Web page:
In August 2010 the claimant in Rooney v Dundee City Council, a cashier supervisor for the Council, was involved in an incident where she had disregarded an express instruction from a senior employee. She had paid in a large cheque from a member of the public despite being told to wait for money laundering clearance, apparently because she had taken the view that it would better serve the Council if she took the money rather than letting him carry out his threat to leave if there was going to be a delay. Following a disciplinary hearing in September 2010 she received a final written warning which was to stay on her record for 15 months. She appealed against that but, although two dates for hearings were set, they did not go ahead because of unavailability/severe weather and no appeal was ever heard.
A further incident took place in December 2011, just before the 15 months was up. Following an argument about a shift rota, the claimant failed to follow instructions given to her to "cash up" by the end of the day, with potentially (although not, as it turned out, actual) serious consequences. A disciplinary hearing was heard in March 2012, following which she was dismissed. The person conducting the hearing was aware of the previous final writing warning and that the appeal had not been determined. The claimant appealed against the decision to dismiss but the decision was confirmed on appeal.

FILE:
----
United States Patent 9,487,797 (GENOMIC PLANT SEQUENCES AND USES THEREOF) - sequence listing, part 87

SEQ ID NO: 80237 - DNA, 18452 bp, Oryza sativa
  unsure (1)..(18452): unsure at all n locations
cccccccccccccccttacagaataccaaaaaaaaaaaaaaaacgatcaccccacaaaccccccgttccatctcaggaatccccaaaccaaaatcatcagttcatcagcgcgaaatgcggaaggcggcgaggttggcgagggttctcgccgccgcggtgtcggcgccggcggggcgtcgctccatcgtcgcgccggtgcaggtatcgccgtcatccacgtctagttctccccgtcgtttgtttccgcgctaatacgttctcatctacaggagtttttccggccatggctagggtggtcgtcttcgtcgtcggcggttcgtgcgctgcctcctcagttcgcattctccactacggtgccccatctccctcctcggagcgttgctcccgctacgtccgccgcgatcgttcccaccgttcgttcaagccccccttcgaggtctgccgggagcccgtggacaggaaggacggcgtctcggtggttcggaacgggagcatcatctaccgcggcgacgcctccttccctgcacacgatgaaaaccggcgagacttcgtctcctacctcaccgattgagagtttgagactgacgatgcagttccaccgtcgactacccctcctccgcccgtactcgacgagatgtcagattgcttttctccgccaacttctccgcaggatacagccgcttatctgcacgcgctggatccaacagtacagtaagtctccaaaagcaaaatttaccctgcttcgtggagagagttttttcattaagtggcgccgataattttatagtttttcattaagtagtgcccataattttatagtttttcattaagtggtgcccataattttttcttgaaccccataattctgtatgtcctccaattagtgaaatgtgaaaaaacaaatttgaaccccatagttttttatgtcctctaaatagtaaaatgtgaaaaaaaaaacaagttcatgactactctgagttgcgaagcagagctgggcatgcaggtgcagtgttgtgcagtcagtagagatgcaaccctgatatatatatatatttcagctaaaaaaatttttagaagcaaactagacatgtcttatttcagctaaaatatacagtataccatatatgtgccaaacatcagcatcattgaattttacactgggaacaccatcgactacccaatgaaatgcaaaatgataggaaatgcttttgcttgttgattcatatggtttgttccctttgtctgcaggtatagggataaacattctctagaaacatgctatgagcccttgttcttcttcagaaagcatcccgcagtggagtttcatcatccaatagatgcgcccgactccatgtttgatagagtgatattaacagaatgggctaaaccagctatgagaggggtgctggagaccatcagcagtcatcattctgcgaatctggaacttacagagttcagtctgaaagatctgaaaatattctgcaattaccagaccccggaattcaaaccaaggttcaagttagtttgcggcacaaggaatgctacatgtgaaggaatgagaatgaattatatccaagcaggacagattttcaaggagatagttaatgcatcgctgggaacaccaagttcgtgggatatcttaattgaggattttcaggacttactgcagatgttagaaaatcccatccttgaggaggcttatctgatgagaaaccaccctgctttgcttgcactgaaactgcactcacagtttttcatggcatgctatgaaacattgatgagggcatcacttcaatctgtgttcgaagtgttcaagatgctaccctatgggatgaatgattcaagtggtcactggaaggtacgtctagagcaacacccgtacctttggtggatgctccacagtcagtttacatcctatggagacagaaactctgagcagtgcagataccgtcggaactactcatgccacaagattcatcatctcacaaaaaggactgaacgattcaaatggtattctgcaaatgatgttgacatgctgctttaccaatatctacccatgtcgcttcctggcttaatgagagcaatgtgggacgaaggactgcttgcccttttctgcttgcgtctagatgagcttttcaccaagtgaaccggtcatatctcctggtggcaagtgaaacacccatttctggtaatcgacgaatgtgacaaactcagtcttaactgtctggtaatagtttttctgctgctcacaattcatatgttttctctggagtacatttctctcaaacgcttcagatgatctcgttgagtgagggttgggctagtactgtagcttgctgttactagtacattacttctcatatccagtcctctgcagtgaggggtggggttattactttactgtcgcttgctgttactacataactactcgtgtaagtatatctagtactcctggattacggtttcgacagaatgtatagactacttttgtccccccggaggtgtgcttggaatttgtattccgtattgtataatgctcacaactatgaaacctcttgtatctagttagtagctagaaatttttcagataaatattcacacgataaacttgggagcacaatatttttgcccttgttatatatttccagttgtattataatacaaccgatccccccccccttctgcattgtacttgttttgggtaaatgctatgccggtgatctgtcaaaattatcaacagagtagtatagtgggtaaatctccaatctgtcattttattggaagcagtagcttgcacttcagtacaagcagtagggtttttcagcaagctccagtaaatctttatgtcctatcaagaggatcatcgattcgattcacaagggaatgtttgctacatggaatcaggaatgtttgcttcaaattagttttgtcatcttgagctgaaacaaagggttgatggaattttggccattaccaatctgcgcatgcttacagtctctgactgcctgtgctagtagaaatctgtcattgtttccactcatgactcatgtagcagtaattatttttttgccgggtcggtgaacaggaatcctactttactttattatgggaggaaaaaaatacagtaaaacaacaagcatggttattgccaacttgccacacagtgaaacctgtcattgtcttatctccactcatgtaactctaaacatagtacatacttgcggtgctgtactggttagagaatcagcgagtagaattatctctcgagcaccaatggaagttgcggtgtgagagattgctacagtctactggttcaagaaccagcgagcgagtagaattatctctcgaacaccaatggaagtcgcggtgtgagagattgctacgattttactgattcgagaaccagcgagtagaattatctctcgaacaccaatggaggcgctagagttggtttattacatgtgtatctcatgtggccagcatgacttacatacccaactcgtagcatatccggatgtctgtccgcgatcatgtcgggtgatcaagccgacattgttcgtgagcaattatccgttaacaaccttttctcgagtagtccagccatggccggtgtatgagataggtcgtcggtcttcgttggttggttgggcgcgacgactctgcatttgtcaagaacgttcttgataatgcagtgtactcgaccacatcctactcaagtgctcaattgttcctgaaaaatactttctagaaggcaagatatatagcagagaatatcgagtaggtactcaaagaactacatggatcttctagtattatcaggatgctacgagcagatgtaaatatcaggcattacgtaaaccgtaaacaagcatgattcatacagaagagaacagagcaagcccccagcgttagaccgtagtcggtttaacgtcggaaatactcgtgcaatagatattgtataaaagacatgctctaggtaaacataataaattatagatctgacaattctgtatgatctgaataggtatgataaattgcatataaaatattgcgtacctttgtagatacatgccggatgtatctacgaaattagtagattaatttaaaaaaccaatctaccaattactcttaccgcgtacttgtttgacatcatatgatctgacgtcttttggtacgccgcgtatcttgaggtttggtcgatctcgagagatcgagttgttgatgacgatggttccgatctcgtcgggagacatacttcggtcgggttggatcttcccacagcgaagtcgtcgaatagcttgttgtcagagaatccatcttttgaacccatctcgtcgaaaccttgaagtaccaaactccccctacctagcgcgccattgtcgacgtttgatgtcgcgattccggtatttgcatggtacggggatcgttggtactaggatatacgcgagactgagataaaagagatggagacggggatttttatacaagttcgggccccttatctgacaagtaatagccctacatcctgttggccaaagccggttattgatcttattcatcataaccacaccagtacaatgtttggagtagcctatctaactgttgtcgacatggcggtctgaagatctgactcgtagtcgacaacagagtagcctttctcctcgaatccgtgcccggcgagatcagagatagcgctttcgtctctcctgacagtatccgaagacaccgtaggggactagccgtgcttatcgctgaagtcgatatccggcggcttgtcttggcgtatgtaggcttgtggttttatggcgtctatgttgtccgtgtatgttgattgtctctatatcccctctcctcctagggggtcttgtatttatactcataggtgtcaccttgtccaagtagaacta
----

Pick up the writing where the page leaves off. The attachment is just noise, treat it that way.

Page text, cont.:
The EAT upheld the Tribunal's finding that the dismissal was not unfair. There was no reason for the Tribunal to hear evidence on the reason for the imposition of the first final warning as there was nothing to indicate that it was manifestly inappropriate or in any way invalid. The Tribunal had considered the fairness of the dismissal, including the fact that there was an appeal outstanding, and had concluded that both the decision to dismiss and to do so without hearing the appeal were decisions which a reasonable employer could have reached.
The EAT in Rooney confirmed that the guidance for misconduct dismissals where there have been earlier warnings, set out in by the EAT in Wincanton Group PLC v Stone, should be followed. Wincantonwas a case where the employer had taken into account a previous warning which was not in respect of similar conduct and was the subject of an on-going dispute. The EAT's guidance is:
- assuming the earlier warning is valid, then a tribunal (and hence an employer) should take it into account; but
- an employer aware of the fact that the validity of a warning is being challenged in other proceedings (typically an internal appeal, but any other proceedings as well) is expected to take account of that fact;
- the tribunal can take into account the fact or circumstances giving rise to the warning, including whether it was for similar conduct, but (unless it is invalid) should not go further and examine whether the warning should have been issued; this would be "going behind" the warning, which it is not entitled to do;
- the tribunal can take into account the employer's treatment of similar matters for other employees.